Report: Consumer Protection

What are Coloradans Fixing?

The devices Coloradans tried to fix in 2018 and why it's harder to repair them than it should be
Released by: CoPIRG Foundation

Here in Colorado, we want to fix our stuff.

Something breaks, or doesn’t work right. You could throw it away, but you don’t want to be wasteful so you try to figure out how to get it fixed.

According to a review of data from iFixit, a self-described “repair guide for everything, written by everyone.” 1.2 million unique users from Colorado went onto their website www.ifixit.com to look up how to repair something in 2018.

Looking more closely into that data from iFixit, the top ten device types that Coloradans attempted to fix were cell phones, laptops, automobiles, tablets, desktop computers, gaming consoles, wireless speakers, vacuums, controllers and clothing. Cell phones repair guides were by far the most popular, receiving 21 percent of all the page views. 

Despite the best efforts of websites like iFixit to provide Coloradans with the tools and knowledge to repair our stuff, some manufacturers create unnecessary and unwarranted barriers, especially in the world of consumer electronics.

Barriers to consumers to easily fix their electronic devices include:

  • Limiting a consumer or even a professional independent repairer from accessing the tools, parts, schematics, or software needed to perform simple repairs.
  • Only making parts available to their own repair staff even if you wanted to pay fair market value to fix your stuff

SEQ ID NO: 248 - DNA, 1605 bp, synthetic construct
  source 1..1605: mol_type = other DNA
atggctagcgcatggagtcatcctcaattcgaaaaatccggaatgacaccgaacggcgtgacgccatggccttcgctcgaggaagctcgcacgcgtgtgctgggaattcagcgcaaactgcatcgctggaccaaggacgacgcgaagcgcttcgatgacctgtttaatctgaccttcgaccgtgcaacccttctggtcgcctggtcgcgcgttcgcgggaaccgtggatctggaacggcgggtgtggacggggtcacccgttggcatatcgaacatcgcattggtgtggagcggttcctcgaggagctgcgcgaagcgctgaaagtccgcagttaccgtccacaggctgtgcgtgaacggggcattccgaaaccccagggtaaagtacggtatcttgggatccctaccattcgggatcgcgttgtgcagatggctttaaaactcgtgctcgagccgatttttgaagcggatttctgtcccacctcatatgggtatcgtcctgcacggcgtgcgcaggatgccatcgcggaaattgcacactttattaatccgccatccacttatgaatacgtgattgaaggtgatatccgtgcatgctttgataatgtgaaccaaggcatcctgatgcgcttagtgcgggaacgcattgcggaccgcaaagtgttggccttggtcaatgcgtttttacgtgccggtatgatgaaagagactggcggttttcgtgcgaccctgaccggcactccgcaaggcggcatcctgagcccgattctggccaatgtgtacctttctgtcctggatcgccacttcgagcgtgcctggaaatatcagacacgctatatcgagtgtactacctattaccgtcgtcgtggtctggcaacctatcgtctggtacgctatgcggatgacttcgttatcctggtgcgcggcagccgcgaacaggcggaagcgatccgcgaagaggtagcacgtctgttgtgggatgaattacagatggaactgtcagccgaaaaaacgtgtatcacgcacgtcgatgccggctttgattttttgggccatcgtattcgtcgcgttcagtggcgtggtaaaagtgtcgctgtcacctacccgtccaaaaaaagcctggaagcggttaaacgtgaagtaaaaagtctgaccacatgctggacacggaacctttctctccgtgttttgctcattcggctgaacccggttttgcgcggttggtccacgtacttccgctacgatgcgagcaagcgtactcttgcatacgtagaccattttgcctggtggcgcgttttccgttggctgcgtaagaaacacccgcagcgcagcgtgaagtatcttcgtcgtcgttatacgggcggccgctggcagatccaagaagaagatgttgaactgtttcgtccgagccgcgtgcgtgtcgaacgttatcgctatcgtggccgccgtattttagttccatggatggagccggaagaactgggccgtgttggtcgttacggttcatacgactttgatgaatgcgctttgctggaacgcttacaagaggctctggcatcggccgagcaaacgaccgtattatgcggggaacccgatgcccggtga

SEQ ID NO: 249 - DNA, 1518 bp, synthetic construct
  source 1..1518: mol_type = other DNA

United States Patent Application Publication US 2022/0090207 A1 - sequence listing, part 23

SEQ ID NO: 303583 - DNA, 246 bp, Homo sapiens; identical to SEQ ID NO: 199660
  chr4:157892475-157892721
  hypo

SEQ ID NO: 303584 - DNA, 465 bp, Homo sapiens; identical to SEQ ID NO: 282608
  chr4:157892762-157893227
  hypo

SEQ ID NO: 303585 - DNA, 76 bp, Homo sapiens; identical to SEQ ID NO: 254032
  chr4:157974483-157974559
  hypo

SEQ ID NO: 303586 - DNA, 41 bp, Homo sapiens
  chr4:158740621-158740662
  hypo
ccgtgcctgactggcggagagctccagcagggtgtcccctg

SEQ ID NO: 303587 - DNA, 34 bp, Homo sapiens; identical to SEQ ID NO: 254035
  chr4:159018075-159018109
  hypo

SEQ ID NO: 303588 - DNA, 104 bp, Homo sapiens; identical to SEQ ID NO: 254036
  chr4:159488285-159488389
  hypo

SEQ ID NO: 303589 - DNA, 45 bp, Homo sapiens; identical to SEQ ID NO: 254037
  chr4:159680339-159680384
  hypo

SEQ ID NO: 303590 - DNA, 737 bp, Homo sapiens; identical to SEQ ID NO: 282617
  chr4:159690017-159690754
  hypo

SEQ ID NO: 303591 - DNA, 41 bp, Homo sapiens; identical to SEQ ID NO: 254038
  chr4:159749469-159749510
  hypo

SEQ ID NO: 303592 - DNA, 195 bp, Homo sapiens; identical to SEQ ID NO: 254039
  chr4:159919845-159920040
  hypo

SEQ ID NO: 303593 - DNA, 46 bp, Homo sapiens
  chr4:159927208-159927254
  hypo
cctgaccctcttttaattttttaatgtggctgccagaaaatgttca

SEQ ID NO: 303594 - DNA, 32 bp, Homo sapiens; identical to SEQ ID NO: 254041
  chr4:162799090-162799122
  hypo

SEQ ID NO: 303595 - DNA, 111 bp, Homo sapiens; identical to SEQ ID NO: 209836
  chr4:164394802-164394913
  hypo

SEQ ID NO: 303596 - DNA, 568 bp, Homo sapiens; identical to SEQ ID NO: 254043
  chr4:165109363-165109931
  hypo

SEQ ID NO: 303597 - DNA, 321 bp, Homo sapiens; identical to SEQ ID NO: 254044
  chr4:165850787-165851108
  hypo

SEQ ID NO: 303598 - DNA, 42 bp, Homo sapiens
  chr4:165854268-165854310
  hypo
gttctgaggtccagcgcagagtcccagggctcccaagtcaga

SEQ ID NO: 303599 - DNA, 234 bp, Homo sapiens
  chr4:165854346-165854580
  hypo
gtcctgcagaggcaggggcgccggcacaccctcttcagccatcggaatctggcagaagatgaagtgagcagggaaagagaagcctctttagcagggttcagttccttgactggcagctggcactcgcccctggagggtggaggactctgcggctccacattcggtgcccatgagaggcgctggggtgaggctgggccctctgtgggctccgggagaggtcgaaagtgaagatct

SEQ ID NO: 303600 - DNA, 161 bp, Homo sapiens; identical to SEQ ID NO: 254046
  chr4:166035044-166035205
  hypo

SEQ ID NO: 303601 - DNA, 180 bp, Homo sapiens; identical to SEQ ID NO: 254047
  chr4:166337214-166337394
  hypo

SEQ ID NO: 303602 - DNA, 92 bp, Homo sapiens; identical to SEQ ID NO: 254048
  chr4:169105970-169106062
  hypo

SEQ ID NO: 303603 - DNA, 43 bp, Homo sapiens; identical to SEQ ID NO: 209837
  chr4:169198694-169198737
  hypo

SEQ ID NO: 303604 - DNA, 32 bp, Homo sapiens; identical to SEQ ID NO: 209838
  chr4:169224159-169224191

• Limiting important manufacturer information that would allow consumers to make easy fixes to their phones

Recommendations:

The easiest action the consumer electronics industry can take is making its devices with repairability in mind. Making repair more accessible will increase the likelihood that people repair their devices, save money, and prevent another device from entering our waste stream.

If the electronics industry wants to become more transparent and consumer-friendly, manufacturers should adopt and adhere to basic Right to Repair principles which include providing the information, schematics, software, tools, and parts necessary to repair their devices for free or at fair cost. Colorado’s Governor and Legislature should consider actions that can ensure Coloradans have a right to repair their stuff.

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Poll: Which of these positive changes do you most want to see in 2020?
More restaurant chains commit to stopping their overuse of antibiotics.
Stop using Roundup, which has been linked to cancer, on our parks and playgrounds.
Ban the worst single-use plastics.



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